Friday, November 02, 2007

Python at MIT

There was a bit of buzz about a year ago when MIT announced plans to experiment with an alternative version of their electrical engineering/computer science (Course 6) curriculum - one that would start students with a Python-based course instead of the famous Scheme-based 6.001. It was exciting news, but I hadn't heard anything about it since then.

Today, a look through the department's webpage shows that the experiment has come quickly to fruition, and the new curriculum is the standard for this year's freshmen.

6.01, Introduction to EECS I
, with Python (and robots! Sounds FUN!)

I'm dying to know more about this! I'm going to hit up school friends for info, but maybe somebody here has more details to supply?

I still meet plenty of neckties who have never heard of any language besides C/Java/.NET (hey, it's the Midwest, and it's the Air Force), don't know why Python matters, and aren't interested in understanding its merits directly - only want to know "who's using it?". "MIT teaches it to all their EE/CS students" is a pretty good one-liner response. I'm not above leveraging MIT's name recognition. I did the time, after all (as a chemical engineer, not EE/CS, but still). Granted, it never won world domination for Scheme, but I bet it is the source of a very large fraction of the fame that Scheme does have.


Anonymous said...

great to hear. very smart Pythonistas coming.

Dorai said...

Cool. Hope this will be a model for lots of other CS 101 courses.

Anonymous said...

I think its great that MIT are pushing Python to the forefront. We'd been using PHP for years until it failed on us on a big project (well, we failed to evaluate its capability if I'm being honest!). We switched to Python for some intensive stuff and it rocks. I'm no longer a programmer, but I've been in awe of what our guys have achieved with it. Well done MIT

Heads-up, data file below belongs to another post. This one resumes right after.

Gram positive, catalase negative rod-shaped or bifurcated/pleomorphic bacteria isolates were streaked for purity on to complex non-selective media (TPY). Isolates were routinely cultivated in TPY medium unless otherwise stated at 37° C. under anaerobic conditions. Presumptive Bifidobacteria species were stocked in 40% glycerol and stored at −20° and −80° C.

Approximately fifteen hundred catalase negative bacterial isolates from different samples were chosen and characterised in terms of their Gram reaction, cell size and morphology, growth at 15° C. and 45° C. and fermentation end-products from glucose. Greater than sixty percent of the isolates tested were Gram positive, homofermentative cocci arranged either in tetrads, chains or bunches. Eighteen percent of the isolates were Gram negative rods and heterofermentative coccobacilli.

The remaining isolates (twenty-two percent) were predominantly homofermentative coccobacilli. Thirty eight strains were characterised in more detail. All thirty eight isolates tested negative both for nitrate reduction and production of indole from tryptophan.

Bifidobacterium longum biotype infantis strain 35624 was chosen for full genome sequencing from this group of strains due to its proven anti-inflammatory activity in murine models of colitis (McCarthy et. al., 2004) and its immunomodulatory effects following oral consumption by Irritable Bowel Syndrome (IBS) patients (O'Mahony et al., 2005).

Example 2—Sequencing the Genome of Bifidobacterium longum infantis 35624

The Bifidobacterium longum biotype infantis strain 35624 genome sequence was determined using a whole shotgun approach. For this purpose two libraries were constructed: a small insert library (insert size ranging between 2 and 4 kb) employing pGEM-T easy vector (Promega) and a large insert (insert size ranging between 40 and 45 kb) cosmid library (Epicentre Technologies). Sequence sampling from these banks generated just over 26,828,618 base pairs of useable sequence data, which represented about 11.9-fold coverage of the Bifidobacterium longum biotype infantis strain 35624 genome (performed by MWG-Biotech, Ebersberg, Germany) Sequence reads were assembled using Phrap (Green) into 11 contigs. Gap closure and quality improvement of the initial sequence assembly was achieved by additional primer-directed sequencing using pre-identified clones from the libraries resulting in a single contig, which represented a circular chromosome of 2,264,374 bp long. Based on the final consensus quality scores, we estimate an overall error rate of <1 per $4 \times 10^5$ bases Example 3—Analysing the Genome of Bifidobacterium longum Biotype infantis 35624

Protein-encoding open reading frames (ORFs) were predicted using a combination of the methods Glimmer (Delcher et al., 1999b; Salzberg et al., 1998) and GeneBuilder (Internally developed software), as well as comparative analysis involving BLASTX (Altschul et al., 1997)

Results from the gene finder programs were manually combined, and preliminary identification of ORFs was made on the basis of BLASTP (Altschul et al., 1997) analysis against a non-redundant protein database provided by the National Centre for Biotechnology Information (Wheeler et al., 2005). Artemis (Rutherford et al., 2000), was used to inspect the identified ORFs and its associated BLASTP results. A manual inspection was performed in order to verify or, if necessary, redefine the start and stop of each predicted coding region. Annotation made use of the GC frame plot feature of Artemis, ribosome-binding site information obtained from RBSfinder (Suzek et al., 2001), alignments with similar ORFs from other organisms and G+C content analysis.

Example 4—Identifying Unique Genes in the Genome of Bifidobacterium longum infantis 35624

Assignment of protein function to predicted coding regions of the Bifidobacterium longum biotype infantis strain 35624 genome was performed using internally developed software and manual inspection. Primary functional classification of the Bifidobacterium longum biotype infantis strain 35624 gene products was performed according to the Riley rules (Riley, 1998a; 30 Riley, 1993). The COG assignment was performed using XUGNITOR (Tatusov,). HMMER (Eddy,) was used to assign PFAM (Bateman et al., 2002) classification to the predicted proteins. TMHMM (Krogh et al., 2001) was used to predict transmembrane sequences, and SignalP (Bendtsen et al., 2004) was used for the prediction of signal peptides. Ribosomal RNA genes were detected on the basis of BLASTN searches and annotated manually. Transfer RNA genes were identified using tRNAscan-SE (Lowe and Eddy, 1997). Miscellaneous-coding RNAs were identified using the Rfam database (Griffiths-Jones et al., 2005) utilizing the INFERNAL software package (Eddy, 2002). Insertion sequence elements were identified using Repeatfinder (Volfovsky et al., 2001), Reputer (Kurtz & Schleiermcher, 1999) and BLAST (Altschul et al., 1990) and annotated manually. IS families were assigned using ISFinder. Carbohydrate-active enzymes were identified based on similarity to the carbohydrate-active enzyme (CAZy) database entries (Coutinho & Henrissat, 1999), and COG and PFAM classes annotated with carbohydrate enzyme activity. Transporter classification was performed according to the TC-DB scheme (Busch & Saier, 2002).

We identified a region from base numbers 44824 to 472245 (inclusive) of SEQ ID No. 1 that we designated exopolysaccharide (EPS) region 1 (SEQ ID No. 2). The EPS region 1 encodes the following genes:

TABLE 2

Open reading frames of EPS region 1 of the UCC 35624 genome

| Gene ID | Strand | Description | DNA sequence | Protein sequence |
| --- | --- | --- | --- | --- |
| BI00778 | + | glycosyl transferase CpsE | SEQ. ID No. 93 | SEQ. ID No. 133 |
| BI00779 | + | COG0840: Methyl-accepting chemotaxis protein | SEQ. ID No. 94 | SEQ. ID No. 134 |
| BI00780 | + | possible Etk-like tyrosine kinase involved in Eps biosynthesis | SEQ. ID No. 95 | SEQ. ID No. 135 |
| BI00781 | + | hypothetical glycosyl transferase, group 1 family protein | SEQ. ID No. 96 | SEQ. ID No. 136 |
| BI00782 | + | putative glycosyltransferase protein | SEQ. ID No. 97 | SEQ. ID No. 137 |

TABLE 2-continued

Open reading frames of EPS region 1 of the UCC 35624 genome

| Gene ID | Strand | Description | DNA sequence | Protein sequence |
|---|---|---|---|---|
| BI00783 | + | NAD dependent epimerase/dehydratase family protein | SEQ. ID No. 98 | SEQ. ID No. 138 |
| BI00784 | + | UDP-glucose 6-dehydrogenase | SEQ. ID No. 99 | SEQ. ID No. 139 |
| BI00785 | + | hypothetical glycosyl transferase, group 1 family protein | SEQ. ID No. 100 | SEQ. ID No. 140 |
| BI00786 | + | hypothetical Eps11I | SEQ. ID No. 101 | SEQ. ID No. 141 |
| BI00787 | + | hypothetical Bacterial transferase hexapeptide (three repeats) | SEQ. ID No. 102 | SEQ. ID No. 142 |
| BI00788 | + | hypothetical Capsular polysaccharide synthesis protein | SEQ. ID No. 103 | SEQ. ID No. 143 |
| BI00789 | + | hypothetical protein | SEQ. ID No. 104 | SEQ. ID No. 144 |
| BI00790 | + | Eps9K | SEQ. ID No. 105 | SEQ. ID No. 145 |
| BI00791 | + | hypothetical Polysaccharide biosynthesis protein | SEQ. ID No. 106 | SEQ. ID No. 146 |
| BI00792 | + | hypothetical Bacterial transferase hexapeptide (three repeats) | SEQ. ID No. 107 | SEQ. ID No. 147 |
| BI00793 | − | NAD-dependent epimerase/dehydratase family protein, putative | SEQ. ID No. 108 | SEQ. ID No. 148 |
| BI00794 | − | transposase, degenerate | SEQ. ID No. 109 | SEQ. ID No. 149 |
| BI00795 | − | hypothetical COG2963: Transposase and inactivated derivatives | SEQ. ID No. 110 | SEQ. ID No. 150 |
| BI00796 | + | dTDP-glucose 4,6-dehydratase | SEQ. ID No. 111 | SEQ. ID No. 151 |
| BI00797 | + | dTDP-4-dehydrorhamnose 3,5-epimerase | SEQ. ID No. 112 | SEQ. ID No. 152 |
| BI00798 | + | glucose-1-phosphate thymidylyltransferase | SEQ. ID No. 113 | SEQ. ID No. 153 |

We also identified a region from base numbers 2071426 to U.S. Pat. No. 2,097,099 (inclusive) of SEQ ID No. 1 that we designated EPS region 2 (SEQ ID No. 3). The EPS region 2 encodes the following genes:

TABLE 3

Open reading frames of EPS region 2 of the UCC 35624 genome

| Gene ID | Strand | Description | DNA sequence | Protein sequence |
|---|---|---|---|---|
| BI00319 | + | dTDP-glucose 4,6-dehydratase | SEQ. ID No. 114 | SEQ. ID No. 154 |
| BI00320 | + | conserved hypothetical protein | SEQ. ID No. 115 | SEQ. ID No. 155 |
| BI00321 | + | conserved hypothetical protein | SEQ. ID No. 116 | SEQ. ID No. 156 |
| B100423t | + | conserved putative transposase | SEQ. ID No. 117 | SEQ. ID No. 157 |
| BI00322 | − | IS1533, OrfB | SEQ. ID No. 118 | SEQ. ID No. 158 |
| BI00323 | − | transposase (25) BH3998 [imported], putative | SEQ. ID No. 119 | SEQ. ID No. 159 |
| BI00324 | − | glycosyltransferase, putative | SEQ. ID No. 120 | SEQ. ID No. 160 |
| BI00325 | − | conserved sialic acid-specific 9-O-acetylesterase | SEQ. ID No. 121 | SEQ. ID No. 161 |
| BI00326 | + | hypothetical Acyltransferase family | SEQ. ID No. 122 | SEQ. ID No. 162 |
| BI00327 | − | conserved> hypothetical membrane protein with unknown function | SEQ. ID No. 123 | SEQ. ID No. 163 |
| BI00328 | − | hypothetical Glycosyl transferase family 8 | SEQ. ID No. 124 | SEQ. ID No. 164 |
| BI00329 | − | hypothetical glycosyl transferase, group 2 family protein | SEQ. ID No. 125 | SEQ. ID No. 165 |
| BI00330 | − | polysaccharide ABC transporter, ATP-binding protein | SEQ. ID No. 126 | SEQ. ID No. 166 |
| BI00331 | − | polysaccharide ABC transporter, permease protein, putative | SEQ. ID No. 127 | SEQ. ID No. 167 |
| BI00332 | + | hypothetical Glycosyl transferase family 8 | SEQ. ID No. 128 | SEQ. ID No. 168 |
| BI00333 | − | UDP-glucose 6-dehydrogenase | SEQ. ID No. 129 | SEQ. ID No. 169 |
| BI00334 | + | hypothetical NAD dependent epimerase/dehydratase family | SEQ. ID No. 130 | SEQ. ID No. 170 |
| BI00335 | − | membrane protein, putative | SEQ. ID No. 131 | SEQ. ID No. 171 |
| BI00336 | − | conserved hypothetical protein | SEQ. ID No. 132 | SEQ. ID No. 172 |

Anonymous said...

What exactly is your connection to Course 10?

Unknown said...


Course 10 SB '93. I sometimes wonder whether I wish I'd gone 6-3, but it all works out in the end.

Anonymous said...

"who's using it?"

Somehow I don't think the devastating reply "Google, NASA, MIT, and Industrial Light and Magic, to name but a select few" won't actually convince them, or matter at all.

Python is not an obscure marginal language. It's only obscure if you're an anti-intellectual shitbag who hates anything that's different.

And swapping Scheme for Python is tragic IMO.

Anonymous said...

Harvard use Python for some of their courses too. But they still use Java for the CS100 intro course all the freshmen take. So it's not exactly Total Python Domination.

I'm not sure about switching Python in for Scheme. I learned Lisp and Prolog pretty early in my CS career and I feel like that knowledge stood me in really good stead. Or, to put it another way, I think Scheme may help you learn Python more than Python helps you learn Scheme.

ncmathsadist said...

A couple of years ago we founded a new CS program at the North Carolina School of Science and Mathematics.

In our no-prereq CS class, student learn some introductory LINUX and get used to it by making a simple site with XHTML/CSS.